James Orrock (1829-1913) was a notable broker of early 20th century English taste. Having first established himself as a painter, his high-profile connoisseurship gave him acceptance within a wealthy Victorian society and access to rich friends and clients. Amongst these was William Lever, 1st Viscount Leverhulme (1851-1925) who between 1904 and 1912 bought almost all of Orrock's art collection, as well as sixty oils and more than 1000 watercolours by the artist himself.
Lord Leverhulme, the Sunlight Soap magnate, began by collecting English oak followed by 18th century French furniture. By the 1890s he committed himself to forming a collection representative of the best of British art - an endeavour that lasted for the last thirty years of his life. His pursuit of Georgian furniture was virtually unparalleled at the time, but fully evident by the turn-of-the-century at his homes at Thornton Manor, Merseyside and The Hill in Hampstead. His exceptional collection of furniture is only one manifestation of his passion for the English arts that are now largely housed in the Lady Lever Art Gallery, a museum that he established in Port Sunlight in 1922. This remarkable collection retains countless important examples of English eighteenth century cabinet-making acquired by Lever over a thirty year period.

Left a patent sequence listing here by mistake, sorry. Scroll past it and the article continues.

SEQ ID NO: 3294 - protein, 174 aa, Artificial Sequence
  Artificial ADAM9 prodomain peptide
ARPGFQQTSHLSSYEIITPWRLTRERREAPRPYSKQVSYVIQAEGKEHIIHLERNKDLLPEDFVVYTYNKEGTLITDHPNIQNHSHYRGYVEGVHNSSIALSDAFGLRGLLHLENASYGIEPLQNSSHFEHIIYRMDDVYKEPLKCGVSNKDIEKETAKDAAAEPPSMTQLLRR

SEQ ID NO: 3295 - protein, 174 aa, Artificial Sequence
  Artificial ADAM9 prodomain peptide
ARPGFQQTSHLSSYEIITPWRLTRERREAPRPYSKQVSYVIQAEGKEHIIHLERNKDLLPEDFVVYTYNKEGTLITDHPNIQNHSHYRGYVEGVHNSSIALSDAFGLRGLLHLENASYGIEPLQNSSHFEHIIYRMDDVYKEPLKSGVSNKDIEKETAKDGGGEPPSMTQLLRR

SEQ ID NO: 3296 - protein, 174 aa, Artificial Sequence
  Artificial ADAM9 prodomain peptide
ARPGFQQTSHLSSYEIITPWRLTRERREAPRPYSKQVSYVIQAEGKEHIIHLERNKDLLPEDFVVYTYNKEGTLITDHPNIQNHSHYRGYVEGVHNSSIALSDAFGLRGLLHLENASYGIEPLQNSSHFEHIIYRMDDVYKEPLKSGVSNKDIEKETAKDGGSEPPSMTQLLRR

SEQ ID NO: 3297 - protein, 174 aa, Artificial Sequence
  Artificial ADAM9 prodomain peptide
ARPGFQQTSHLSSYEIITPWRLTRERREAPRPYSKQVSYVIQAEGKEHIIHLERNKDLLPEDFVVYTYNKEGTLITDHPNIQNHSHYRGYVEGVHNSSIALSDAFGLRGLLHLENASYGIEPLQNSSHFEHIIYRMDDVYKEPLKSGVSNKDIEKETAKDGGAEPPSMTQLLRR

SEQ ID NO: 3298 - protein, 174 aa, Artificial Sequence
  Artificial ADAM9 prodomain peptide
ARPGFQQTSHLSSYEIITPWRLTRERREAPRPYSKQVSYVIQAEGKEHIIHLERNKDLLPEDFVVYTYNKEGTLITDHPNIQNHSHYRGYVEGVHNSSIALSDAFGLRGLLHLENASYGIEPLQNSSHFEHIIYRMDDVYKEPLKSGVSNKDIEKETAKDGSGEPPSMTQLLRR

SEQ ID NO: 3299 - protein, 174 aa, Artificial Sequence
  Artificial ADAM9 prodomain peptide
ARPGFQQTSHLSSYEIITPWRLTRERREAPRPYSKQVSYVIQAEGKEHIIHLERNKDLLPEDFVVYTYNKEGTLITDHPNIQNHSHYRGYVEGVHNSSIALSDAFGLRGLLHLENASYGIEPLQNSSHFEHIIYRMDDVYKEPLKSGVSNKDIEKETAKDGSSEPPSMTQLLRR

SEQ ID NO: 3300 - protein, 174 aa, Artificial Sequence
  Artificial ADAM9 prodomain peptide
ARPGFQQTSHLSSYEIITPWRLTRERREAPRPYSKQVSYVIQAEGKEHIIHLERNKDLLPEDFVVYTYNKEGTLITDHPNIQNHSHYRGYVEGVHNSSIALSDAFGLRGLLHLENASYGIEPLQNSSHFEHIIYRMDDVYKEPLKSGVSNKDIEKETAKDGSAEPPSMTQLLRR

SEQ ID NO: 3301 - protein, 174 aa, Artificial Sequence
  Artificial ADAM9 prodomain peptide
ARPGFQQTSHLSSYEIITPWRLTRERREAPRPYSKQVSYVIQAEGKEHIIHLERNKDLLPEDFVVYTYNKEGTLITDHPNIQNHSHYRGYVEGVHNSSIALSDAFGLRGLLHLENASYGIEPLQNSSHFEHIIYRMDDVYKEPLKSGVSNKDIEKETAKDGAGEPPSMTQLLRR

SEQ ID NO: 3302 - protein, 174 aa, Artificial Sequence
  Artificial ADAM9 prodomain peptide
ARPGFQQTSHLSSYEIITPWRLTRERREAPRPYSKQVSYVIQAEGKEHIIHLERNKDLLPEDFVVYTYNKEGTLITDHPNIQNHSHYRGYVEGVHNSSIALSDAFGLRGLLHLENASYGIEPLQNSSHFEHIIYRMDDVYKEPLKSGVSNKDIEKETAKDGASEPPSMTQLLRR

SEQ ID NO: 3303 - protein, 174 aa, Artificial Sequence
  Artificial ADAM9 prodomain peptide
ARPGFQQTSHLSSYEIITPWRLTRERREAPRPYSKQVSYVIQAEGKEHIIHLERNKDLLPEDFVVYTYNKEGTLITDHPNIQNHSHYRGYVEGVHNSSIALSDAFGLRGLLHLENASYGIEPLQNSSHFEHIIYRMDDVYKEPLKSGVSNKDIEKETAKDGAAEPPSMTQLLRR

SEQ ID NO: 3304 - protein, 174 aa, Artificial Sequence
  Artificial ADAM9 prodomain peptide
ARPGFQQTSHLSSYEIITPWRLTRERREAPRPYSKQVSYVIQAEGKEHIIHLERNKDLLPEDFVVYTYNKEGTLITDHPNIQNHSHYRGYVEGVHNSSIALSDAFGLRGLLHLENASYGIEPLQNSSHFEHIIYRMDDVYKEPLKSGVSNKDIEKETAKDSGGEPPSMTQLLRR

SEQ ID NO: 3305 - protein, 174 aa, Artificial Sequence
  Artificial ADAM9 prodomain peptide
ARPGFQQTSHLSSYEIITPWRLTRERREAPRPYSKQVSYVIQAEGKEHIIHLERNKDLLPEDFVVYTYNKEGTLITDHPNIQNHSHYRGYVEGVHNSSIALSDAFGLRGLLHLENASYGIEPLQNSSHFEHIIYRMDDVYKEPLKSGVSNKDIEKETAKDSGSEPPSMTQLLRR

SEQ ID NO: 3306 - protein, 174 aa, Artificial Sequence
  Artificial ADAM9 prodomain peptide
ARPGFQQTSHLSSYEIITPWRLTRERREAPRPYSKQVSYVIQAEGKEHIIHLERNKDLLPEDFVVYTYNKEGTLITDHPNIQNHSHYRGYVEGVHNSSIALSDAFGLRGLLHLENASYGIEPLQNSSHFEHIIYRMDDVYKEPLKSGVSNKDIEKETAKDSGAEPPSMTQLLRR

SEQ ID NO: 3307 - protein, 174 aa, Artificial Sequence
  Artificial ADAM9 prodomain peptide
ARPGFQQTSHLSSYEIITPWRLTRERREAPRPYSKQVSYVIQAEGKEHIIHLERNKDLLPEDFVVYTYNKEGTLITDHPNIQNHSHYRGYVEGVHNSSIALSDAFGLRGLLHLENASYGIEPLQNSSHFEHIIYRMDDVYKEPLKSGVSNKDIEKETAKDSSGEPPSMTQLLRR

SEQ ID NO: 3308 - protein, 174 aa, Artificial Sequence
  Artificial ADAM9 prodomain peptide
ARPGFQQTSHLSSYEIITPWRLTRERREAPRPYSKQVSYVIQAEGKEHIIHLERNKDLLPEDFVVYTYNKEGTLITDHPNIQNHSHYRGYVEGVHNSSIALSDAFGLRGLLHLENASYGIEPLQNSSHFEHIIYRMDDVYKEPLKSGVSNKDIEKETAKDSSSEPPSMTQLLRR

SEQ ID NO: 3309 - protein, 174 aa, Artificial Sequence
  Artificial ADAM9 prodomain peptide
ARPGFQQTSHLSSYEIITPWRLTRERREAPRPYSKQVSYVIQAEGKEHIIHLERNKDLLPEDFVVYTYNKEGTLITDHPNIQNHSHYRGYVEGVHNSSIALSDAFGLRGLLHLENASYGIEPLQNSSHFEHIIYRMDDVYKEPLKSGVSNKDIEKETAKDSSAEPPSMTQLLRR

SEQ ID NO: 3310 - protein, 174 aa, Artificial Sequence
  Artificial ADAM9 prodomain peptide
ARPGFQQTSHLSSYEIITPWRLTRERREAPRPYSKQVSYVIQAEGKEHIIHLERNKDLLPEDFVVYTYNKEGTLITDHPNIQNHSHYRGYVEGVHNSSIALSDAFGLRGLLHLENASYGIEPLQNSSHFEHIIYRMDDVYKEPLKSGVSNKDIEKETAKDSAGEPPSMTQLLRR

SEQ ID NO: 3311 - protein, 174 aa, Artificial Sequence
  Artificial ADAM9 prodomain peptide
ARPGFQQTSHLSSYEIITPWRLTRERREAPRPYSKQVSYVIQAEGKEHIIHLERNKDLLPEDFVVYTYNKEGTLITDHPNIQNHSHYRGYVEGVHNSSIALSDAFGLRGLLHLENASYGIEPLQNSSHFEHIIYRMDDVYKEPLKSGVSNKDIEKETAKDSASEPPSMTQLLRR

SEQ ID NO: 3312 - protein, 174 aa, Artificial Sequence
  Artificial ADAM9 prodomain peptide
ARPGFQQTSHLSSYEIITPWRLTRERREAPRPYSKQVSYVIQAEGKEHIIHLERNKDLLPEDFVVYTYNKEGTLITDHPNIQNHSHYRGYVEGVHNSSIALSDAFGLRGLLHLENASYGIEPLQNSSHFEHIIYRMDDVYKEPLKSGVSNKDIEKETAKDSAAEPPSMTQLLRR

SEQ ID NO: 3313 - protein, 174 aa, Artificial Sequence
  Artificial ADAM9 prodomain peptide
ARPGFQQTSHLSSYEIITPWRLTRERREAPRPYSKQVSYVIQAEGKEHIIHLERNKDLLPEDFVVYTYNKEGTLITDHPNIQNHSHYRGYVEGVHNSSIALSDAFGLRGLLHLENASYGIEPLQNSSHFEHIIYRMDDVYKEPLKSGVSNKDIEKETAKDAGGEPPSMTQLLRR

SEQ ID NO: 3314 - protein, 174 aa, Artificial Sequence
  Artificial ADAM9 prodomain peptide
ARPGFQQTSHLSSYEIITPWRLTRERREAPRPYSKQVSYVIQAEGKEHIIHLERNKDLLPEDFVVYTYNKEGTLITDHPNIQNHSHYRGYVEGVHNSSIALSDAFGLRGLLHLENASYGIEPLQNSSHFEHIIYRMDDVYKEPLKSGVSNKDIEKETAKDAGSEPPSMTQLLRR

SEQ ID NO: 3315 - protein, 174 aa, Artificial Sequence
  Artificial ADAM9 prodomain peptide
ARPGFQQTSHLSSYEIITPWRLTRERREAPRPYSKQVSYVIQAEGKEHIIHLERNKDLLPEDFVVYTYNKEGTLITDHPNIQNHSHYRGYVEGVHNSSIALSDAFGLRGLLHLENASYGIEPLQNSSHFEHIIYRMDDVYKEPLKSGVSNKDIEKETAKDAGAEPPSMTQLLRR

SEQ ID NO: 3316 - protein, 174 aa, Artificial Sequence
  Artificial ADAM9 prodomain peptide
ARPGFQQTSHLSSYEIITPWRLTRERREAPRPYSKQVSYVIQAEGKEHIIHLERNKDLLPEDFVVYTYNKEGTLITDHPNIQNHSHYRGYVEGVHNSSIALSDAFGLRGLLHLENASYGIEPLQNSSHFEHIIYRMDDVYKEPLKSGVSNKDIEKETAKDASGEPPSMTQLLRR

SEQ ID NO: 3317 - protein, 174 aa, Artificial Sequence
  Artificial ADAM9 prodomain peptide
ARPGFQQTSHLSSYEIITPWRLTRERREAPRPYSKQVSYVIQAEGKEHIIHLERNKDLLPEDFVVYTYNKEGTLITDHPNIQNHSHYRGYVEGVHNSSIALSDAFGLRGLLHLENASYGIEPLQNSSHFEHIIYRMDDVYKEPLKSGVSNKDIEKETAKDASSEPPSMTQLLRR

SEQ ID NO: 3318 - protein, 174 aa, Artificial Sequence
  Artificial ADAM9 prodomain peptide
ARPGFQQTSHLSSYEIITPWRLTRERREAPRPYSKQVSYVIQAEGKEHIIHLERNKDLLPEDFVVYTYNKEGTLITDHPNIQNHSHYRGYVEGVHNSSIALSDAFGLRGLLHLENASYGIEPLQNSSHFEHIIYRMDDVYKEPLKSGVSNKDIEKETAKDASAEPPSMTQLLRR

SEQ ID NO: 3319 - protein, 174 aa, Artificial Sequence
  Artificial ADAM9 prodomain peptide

A related George I walnut double chair-back settee with similarly shaped back, eagle head arm terminals and cabriole legs headed by shells was sold anonymously, Sotheby's, London, 4 July 1997, lot 31 (£68,600). An armchair with shell-carved legs and related eagle's-head arm-terminals was in the collection of Percival D. Griffiths, F.S.A., Sandridgebury and illustrated in R. W. Symonds, English Furniture from Charles II to George II, London, 1929, p. 150, fig. 97. The serpentine-shaped seat rail of this chair back-settee is highly unusual. A George II walnut double chair-back settee with a serpentine-shaped seat rail was sold by the late R. Strauss Esq, from Polpier, Mevagissen, Cornwall; Phillips house sale, 30 May 1991, lot 41 (£54,000). This comparable settee is illustrated in R. Symonds, English Furniture from Charles II to George II, London, 1929, fig. 11.